UCLA Hillel Mourns Victims

It was a postcard-perfect afternoon outside Kerckhoff Hall on UCLA’s campus on Tuesday, Aug. 6., but Debra Bach could not stop crying.

The day before, Bach had been in San Diego attending the funeral of her Hebrew University roommate, Marla Bennett. Now she stood among 150 people singing "Kaddish" for Bennett and six other victims of last week’s bombing of a Hebrew University cafeteria in Jerusalem.

"It’s a beautiful tribute to Marla that so many people who didn’t know her [attended her funeral] and were forever moved by her life and her love," Bach told the audience, before lighting a candle for Bennett, who was only 24. Amid a steady stream of tears, she spoke of Bennett’s generous spirit, of how the San Diego-raised aspiring educator always invited people to attend her Shabbat meals and crash at her apartment.

"We used to joke that our place was like a youth hostel," Bach said.

As the campus buzzed with its usual summer activity, the crowd participating in the emotional UCLA Hillel-organized memorial service recited prayers before pictures of Bennett and the other victims: Janis Coulter, 36, who ran Hebrew University’s foreign students department in New York; American students Benjamin Blutstein, 25, Dina Carter, 37, and David Gritz, 24; David Diego Landowski, 29, of Argentina; and Levina Shapira, 53, head of the Student Services Department at Hebrew University. Candles were lit for each victim, as friends of recalled their lives.

Bennett’s death touched many in Los Angeles, as she was closely connected to the community. She had attended Camp JCA Shalom in Malibu, as a camper, CIT, counselor, unit head and last summer as the program director.

"It’s been devastating to the staff that knew her and grew up with her," Bill Kaplan, executive director of Shalom Institute, who had known Bennett for 12 years, later told The Journal. "This was the nicest person in the world. A mensch, mensch, mensch. She always went the extra mile."

Arriving from Israel only 90 minutes before the service, Peter Wilner, executive vice president of American Friends of Hebrew University spoke about his somber visit of the "burned and severely damaged" survivors of the bombing. He described his late colleague Coulter as "an individual who died simply because she was doing her job to take American students to Hebrew University." Right before the lunchtime bombing, Coulter, who had converted to Judaism after becoming interested in the Holocaust, had just returned from leading a visit to the Western Wall.

During the services, Cantor Avshalom Katz, of Beth Jacob Congregation in Beverly Hills, sang songs of solace, and Hillel Director Rabbi Chaim Seidler-Feller, who organized the event, blasted the Hamas-sponsored act of terrorism that "cut them down in their youth when they were brimming with potential."

He described Hebrew University as "the home of dialogue and tolerance and the dream of mutual coexistence."

Meirav Elon-Shahar, Israeli consul for communications and public affairs, condemned the extremists who "consider it legitimate and holy to kill those who are innocent," she said.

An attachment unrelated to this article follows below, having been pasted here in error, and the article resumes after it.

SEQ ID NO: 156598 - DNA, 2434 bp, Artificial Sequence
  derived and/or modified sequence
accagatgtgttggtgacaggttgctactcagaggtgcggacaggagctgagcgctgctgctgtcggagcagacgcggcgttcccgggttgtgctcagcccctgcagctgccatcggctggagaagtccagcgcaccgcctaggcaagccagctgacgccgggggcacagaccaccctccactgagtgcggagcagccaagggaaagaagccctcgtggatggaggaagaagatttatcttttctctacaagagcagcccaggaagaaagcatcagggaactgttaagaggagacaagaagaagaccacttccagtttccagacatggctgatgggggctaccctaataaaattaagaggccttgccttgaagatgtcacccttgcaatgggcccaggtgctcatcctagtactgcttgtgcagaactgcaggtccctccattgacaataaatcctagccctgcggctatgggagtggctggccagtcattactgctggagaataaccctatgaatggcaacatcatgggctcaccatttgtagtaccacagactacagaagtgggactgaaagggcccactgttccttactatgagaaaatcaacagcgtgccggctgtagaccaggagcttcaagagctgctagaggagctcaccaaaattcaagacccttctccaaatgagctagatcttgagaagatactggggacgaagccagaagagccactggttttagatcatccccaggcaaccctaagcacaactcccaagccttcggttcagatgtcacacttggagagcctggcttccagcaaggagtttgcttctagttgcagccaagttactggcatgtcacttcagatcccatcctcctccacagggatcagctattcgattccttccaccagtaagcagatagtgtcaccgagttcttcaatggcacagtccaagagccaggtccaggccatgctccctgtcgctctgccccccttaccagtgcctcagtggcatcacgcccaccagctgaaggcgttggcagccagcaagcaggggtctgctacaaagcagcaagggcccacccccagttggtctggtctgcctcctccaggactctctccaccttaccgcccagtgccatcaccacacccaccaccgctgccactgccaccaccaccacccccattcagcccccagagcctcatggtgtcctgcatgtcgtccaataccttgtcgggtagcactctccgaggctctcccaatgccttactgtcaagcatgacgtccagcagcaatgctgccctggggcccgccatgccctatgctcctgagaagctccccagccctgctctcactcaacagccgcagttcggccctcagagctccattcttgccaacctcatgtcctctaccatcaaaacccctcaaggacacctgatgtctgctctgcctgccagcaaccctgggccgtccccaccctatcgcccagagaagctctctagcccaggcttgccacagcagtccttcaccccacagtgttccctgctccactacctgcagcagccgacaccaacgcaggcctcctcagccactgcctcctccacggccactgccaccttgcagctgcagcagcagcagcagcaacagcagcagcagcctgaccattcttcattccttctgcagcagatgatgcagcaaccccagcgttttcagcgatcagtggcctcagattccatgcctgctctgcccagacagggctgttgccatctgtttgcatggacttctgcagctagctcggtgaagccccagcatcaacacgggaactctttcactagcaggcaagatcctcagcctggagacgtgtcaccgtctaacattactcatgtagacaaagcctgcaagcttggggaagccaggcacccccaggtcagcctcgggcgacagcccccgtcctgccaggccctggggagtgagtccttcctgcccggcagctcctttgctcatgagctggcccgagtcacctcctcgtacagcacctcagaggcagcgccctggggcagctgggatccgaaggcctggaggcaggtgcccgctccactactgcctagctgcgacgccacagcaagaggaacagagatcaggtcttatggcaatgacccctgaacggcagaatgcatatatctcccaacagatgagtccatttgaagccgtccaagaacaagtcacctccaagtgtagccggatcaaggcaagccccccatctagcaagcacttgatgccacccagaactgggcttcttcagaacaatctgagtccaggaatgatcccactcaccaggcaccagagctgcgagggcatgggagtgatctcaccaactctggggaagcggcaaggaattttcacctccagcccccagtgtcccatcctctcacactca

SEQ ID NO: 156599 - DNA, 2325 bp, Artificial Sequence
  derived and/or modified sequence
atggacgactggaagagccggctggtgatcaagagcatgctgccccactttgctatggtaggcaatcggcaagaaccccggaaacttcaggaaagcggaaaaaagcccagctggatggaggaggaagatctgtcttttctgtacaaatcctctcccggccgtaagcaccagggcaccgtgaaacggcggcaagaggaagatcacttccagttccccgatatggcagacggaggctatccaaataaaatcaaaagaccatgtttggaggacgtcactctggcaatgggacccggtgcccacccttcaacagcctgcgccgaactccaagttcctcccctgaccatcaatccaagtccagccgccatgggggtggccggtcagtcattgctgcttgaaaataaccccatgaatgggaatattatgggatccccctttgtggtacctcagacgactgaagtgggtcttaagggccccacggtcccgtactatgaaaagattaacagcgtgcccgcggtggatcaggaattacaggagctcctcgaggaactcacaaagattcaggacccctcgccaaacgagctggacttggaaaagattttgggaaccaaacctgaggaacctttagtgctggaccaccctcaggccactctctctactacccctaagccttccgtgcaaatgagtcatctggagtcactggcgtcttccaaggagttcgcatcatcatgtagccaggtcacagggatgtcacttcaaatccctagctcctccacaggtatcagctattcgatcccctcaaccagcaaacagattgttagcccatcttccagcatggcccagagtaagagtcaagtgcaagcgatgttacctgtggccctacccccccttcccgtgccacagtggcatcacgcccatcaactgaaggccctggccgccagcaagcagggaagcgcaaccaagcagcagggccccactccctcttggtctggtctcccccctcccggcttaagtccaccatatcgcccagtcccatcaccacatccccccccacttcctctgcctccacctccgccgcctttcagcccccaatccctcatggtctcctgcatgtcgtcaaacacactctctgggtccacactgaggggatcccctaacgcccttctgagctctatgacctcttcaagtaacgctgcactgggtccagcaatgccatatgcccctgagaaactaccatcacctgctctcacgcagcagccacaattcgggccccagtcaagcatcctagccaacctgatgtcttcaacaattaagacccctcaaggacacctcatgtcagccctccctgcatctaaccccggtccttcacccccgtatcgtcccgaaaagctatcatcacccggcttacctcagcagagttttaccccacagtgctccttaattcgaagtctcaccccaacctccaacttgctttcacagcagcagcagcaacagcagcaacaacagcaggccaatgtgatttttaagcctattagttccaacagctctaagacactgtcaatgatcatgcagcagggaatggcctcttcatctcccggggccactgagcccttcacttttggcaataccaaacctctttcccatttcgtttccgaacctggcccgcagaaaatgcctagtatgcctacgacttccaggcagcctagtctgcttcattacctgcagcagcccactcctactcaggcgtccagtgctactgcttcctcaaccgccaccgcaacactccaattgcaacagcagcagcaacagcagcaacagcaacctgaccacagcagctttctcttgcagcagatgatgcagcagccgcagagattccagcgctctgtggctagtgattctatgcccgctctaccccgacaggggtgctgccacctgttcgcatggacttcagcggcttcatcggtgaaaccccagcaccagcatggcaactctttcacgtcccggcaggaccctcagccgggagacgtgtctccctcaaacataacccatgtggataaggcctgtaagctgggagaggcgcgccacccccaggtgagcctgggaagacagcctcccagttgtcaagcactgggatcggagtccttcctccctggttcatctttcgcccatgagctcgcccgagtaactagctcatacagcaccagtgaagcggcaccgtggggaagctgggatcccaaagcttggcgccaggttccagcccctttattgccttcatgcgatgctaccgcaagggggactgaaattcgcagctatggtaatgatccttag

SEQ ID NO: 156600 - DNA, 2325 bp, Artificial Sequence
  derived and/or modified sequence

Leah Buchwald, who knew Blutstein and Bennett, tearfully recalled spending Shabbat with Bennett and going to parties and weddings with Blutstein, a DJ who had dubbed himself "Benny the Bee."

"This past week has been a real nightmare," Buchwald said. "But if they were here, they would tell you not to stop believing in Israel," she said. "I don’t want them to die in vain."

After the service, the undergrads in attendance told The Journal that they were not only drawn to the memorial out of sadness for the victims, but also as a sign of support for Israel. They said that by bombing what should have been a "safe educational environment," Palestinian extremists have gone too far.

UCLA student Dana Nahoray said she didn’t know any of the victims personally. She came because "I have a connection with all Jewish people. It’s important to show support for Israel. That what happens to the people over there affects us here in L.A., in our community."

Jonathan Dekel, 23, came with his sister, Jennifer, and friend, Eugene Niamehr, 22. The bombing really hit home for Dekel and Niamehr. Both had studied at Hebrew University during the 1999-2000 school year.

"When we were in the Ulpan," Dekel said of the Hebrew program, "we ate at that cafeteria every day. That’s where we got to know each other and really bond."

Following word of the bombing, a friend traveling through Europe contacted Dekel at 5 a.m. to deliver the bad news.

"I’m very shook up, but I’m not surprised," he said, "because I knew that the terrorists were capable of this."

Jennifer Dekel’s frustration extended to the political isolation she feels Israel is going through. "I’m frustrated with the media biases against Israel," said the 20-something, who just came back from studying at Tel Aviv University. "I’m frustrated with the ignorance of the world to fact and truth about the Middle East conflict."

"There’s always going to be criticism of the Jewish people," Nahoray added. "But I don’t think any of the countries have the right to criticize. They don’t have suicide bombers coming into their universities and bombing them."

"Nothing’s sacred," her brother added. "Look at Sept. 11, and now this attack on a university campus. "

Mixed among the sadness and the anger, there was a sliver of optimism.

"She loved people. She loved Israel. She loved Jerusalem," Bach said of Bennett. "Marla gives me great hope for the Jewish people because she always gave beyond herself."